This has got to be one of the most fun Jiu-Jitsu sweeps even for the guy being swept. I know in reality you could slam someone to the ground with it and cause serious damage. But we don’t want to hurt our training partner as Conan talked about in his latest post entitled "Injuries". In the two videos I am wearing my red Atama Mundial #5. I am swept by my instructor Mark Johnson and I then sweep Brad, a fellow student. Keep in mind this is the first time I’ve done this. But at the same time my mistakes I think will help you see how to improve your Balloon Sweep. I am sorry some of the sound quality isn’t the best.
Having the power to lift the person and balance them isn’t hard as long as you position them correctly. Notice how I don’t get the positioning right. I weigh 208.5 lb right now. Mark sweeps me like a rag doll. Brad weighs less them me. I have trouble getting my legs straightened. With practice I’ll get it, I know, but the video does do a good job of illustrating difficulties you may face too.
I haven’t been able to post at all this week. I’ve been on the road for work. I had hoped that at least one night this week I’d be able to get in a practice at a school near where I was. I even scoped out the two school I hoped to visit, Underdog Brazilian Jiu Jitsu and Royce Gracie Brazilian Jiu Jitsu. But as luck would have it things didn’t work out. I was bummed and feeling Jiu Jitsu withdrawals until a co-work of mine turned me on to Gi Subs 1, a iPhone application that shows gi submissions by iFightVideo.com. It wasn’t as good as doing it but while I sat on the plane I could go over a whole bunch of new gi submission all for $2.99. Once again saved by the iPhone and a enterprising Jiu Jitsu teacher. I got researching and found two No-gi applications for the iPhone by the every popular Grapple Arts. One is on sweeps and the other on submissions. They were a dollar more expensive then Gi Subs 1 but its cheap entertainment compared to the $14 the airline wanted to watch one of their movies in flight. Plus it goes with me know when ever I have my iPhone with me. After I had my fill of watching submissions on my iPhone I turned to my old stand by GRACIEMAG. I had the July 2009 issue detailing the 2009 World Championships. I never get tired of watching or reading about Roger Gracie, not to mention Marcelo Gracia. All of this combined I survived the business trip hungry but not starving for BJJ. I might also not may Mundial #5 Atama was waiting for me when I got home. I’ll have a review on it this next week after I use it in practice.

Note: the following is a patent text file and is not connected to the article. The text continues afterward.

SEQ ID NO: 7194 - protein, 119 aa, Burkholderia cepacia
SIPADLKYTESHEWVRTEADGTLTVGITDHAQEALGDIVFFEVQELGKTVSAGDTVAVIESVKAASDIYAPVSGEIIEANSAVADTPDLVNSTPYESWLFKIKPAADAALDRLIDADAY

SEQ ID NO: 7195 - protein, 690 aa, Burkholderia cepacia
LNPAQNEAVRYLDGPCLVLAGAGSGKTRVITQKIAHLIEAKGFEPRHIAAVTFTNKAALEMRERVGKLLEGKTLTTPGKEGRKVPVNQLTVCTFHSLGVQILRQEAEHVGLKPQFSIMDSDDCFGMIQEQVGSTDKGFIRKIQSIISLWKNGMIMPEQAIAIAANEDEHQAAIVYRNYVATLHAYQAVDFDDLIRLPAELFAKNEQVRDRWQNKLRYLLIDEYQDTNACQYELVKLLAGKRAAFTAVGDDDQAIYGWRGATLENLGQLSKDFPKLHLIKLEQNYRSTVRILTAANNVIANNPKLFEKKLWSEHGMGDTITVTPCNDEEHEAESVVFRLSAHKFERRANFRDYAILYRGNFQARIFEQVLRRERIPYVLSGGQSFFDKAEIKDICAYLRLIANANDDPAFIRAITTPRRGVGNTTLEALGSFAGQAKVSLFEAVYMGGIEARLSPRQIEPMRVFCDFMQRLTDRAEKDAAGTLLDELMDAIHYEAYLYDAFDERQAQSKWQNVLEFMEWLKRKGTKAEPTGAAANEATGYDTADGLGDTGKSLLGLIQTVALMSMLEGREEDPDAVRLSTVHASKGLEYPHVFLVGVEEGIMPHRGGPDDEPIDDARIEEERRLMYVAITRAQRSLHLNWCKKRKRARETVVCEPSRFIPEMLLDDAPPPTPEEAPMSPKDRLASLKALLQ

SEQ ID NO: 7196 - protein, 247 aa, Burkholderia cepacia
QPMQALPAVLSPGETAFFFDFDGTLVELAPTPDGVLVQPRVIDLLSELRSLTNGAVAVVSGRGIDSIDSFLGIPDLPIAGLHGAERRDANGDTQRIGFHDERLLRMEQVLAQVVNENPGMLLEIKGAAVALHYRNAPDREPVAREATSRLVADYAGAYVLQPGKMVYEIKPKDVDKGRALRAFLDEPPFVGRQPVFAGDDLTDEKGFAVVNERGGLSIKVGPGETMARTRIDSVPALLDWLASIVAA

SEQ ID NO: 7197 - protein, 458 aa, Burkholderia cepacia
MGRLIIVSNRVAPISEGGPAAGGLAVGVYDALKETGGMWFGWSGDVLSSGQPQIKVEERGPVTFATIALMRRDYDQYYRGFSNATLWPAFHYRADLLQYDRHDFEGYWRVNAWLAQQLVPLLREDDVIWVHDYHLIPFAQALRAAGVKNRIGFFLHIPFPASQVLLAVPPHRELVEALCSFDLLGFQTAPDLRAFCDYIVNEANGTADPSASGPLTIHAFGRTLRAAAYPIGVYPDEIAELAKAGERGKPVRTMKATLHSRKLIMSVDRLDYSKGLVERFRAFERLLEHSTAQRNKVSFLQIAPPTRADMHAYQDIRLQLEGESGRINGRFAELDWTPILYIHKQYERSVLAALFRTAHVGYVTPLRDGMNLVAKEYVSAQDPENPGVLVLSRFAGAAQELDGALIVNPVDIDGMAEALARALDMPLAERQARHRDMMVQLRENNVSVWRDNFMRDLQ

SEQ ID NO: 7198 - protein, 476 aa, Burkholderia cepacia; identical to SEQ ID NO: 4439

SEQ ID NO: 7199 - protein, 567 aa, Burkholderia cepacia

One of my favorite sweeps is the Spider Guard Sweep. You set it up by grabbing a sleeve and putting one leg in the bend of the that arm. Then you put the other leg across the abdomen of your opponent with the knee out. As shown here: Then using the leg that has the arm around it you push out ward. At the same time you reach down and get the leg turning your opponent onto the leg across the abdomen. Like this: Now all you have to do is rock back and then forward and you come up in mount. The trouble is some times they get past that leg on the abdomen. You end up still controlling the arm but you feel open. This is where you apply the bicep cutter. Take a look at these two pictures: You will notice all I have done is pulled the arm in a little more and created a triangle with my legs. Once you have done this all you need do is cut! This is done by pushing the knee out or by reaching behind the with both of your hands and pulling down on the trapped arm. What I really like about this technique is the guy thinks he is past your guard. It surprises them when you put the bite on them. Once again, thanks to my Submission Master Grappling Dummy for taking all of the abuse. It truly is a handy tool for working on your technique and trying things out.